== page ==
Many people do not know what a “power of attorney” is, much less whether they need one. Adding to the confusion is that the term can refer to more than one type of document. So before we reach the question of whether married couples need powers of attorney, let’s review what these documents do.
What is a power of attorney?
Generally speaking, a power of attorney is a signed document in which you give someone else the authority to act for you or to make decisions on your behalf. The two main categories of powers of attorney are financial powers of attorney and medical powers of attorney (sometimes called “health care” powers of attorney or proxies). With either type, you can give someone broad powers to deal with all matters in that area, limited authority to deal with specific issues, or anything in between. The person you name is usually called an “attorney,” an “attorney-in-fact,” or a “proxy.” However, this person can be anyone you choose and does not have to be an attorney (lawyer) at all.
As with many legal issues, powers of attorney are governed by state law
Because of this, the names of the documents, the goals they can achieve, and even how they must be filled out depend on the laws of your state. For example, California has strict requirements regarding “warning statements” that must be printed on any form power of attorney. The Golden State also requires that powers of attorney be either notarized or signed by two adult witnesses who meet certain requirements.
Many lawyers would agree that adults need someone who can act as their power of attorney, both for financial and medical matters. We never know what the future will bring. If we become incompetent or unable to decide issues or act for ourselves, a power of attorney allows us to designate who will do that for us in advance.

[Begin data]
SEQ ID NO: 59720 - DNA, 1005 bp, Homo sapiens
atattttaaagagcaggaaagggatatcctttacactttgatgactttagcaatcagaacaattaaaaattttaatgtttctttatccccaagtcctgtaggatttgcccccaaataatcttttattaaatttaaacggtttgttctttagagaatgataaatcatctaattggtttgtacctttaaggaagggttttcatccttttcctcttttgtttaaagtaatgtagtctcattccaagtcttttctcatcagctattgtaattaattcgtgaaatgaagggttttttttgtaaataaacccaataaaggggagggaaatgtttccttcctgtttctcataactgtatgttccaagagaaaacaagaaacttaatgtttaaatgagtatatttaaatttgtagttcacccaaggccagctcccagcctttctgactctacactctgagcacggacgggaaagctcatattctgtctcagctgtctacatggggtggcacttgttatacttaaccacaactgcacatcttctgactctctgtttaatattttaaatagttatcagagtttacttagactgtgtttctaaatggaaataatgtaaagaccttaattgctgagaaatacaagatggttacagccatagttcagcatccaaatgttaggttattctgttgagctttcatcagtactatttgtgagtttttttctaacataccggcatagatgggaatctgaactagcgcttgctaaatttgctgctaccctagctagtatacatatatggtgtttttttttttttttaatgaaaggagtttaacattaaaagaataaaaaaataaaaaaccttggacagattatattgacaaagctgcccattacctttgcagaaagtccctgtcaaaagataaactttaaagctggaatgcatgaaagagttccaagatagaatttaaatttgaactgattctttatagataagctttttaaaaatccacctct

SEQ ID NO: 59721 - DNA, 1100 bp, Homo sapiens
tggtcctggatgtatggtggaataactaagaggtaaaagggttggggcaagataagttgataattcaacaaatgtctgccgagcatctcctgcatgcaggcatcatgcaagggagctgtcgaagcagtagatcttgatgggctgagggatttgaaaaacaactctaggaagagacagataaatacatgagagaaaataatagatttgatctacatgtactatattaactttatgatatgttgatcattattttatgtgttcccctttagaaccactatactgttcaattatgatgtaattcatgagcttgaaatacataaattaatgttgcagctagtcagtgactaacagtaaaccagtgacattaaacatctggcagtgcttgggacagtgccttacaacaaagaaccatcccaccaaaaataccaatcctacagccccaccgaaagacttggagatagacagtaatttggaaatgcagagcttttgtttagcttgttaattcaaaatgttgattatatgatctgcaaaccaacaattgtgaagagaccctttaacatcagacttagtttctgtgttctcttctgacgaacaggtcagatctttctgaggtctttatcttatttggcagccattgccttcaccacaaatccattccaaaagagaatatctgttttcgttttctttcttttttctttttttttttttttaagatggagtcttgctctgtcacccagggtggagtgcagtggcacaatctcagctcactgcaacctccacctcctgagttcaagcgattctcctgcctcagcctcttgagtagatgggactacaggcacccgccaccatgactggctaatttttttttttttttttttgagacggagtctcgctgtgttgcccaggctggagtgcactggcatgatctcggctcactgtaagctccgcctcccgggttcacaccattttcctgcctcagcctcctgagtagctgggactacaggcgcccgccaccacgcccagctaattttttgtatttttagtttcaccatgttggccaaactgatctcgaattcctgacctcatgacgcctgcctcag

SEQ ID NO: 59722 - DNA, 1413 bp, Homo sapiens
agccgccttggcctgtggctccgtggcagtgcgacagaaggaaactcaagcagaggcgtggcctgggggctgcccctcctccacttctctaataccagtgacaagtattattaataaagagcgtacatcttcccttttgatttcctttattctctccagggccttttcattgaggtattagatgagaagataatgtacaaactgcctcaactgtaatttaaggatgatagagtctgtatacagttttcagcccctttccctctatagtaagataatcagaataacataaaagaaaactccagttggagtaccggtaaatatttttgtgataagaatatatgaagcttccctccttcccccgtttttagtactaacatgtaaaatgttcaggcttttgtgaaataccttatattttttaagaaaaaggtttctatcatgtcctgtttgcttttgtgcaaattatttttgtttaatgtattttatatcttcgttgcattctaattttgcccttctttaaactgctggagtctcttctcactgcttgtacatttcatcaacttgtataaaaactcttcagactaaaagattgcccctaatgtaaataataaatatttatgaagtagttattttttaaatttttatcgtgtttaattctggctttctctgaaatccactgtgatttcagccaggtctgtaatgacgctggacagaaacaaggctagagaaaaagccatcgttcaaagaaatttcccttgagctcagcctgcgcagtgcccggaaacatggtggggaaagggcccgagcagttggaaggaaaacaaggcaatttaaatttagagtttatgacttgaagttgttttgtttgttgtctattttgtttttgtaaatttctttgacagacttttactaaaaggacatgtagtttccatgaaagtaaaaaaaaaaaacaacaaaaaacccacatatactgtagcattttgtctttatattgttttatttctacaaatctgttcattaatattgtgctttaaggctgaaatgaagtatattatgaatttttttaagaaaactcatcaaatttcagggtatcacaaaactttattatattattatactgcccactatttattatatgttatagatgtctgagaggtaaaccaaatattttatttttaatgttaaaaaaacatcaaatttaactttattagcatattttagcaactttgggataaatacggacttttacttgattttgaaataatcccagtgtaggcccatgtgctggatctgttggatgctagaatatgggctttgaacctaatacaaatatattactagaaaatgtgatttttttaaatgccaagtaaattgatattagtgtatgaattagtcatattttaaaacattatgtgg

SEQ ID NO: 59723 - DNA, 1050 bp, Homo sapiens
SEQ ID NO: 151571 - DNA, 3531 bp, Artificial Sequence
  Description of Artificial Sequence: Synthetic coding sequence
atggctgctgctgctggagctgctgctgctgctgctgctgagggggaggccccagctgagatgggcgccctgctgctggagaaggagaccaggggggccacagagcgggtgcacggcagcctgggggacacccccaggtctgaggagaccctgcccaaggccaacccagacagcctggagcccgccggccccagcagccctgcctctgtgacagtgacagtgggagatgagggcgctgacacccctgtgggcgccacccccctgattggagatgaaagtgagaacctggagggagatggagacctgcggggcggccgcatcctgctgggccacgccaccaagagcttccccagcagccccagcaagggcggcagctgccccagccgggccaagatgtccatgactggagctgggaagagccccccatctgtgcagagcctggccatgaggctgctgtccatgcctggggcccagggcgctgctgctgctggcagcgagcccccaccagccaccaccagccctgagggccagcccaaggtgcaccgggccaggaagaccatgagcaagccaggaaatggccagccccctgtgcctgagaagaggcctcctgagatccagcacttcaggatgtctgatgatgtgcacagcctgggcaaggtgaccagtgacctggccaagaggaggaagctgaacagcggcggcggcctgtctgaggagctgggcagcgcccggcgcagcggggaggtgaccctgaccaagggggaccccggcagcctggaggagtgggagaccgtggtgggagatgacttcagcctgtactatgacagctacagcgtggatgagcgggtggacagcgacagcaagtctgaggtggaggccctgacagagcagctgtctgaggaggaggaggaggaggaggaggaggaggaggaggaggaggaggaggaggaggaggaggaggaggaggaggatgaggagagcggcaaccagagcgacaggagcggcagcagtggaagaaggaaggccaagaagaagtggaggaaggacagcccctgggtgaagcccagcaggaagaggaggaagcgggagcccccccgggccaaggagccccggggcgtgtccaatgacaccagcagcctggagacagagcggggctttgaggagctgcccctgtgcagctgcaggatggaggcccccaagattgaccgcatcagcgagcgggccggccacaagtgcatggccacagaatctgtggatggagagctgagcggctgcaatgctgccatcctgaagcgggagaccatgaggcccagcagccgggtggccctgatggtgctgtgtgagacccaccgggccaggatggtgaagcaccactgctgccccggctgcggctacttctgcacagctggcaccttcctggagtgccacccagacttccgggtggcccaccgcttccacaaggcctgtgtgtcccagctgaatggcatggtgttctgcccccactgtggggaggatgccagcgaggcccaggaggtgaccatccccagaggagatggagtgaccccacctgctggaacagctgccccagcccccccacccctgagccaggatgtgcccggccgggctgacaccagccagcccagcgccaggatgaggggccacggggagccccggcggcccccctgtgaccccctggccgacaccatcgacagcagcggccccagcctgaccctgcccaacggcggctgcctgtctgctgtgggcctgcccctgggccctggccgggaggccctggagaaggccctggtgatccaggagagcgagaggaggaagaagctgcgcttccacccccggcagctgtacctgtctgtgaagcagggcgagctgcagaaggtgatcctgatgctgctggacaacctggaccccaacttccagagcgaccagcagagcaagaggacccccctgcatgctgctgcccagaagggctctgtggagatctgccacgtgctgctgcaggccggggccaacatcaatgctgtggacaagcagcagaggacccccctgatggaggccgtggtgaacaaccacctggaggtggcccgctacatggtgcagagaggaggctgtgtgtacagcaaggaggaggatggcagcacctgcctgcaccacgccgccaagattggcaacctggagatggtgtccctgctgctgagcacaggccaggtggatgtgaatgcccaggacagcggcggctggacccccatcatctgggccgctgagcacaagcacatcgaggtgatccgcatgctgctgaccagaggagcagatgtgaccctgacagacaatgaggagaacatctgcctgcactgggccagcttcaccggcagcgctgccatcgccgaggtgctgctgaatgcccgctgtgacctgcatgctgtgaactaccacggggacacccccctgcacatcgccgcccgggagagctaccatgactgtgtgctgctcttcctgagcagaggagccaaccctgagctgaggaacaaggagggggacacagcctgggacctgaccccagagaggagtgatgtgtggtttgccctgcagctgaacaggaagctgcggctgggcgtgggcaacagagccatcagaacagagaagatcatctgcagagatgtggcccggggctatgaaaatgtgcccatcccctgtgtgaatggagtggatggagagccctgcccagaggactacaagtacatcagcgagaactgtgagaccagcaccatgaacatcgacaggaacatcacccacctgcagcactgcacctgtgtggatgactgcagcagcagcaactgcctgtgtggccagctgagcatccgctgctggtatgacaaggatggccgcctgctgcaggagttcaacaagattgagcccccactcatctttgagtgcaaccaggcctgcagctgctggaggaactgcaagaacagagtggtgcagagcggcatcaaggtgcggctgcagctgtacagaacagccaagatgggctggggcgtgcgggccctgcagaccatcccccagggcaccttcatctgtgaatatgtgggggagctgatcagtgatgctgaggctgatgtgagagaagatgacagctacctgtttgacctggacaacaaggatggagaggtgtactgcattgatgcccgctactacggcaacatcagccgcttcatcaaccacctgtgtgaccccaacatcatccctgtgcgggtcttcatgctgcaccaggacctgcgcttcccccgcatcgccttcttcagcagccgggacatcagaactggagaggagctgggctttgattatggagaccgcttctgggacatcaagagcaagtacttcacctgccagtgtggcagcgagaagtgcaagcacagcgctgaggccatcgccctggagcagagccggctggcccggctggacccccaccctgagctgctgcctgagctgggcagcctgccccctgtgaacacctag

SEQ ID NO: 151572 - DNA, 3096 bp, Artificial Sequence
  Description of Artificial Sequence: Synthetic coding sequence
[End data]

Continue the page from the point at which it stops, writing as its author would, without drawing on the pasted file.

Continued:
If we do not choose, we are at the mercy of a court. A judge will decide who will serve in such an important role for us.
You may think that if you are married, it is unnecessary to have these documents in place. Formal, legal relationships can solve a few of the issues that may accompany incompetence or physical infirmity. For example, in most states, the next of kin may have the right to make medical decisions for you. In these cases, state law provides a list of those people in order of preference, usually starting with your spouse.
Likewise, you may believe that titling property jointly will solve problems related to potential future incompetence. Jointly titling assets can help—a little. For example, by jointly titling a bank account, you give both owners the right to make deposits and write checks. However, in most instances, joint owners of real or personal property (think cars and houses) must all agree to sell or encumber property. This means that if one spouse cannot consent, they other spouse will be limited in his or her ability to do sell or mortgage the property.
In addition, especially with the rise in privacy and confidentiality concerns, many companies and health care providers are less likely to deal with or give information to someone without explicit permission to do so.
What’s the alternative?
Potentially lengthy and costly court proceedings to name a conservator and/or guardian for you and/or your property. And when all’s said and done, the court may or may not name a person you would have chosen yourself to take care of you or your affairs.
Should you decide to pursue medical or financial powers of attorney, contact a licensed attorney in your state. Powers of attorney are important documents that must be set up correctly to protect your interests and ensure your wishes are followed.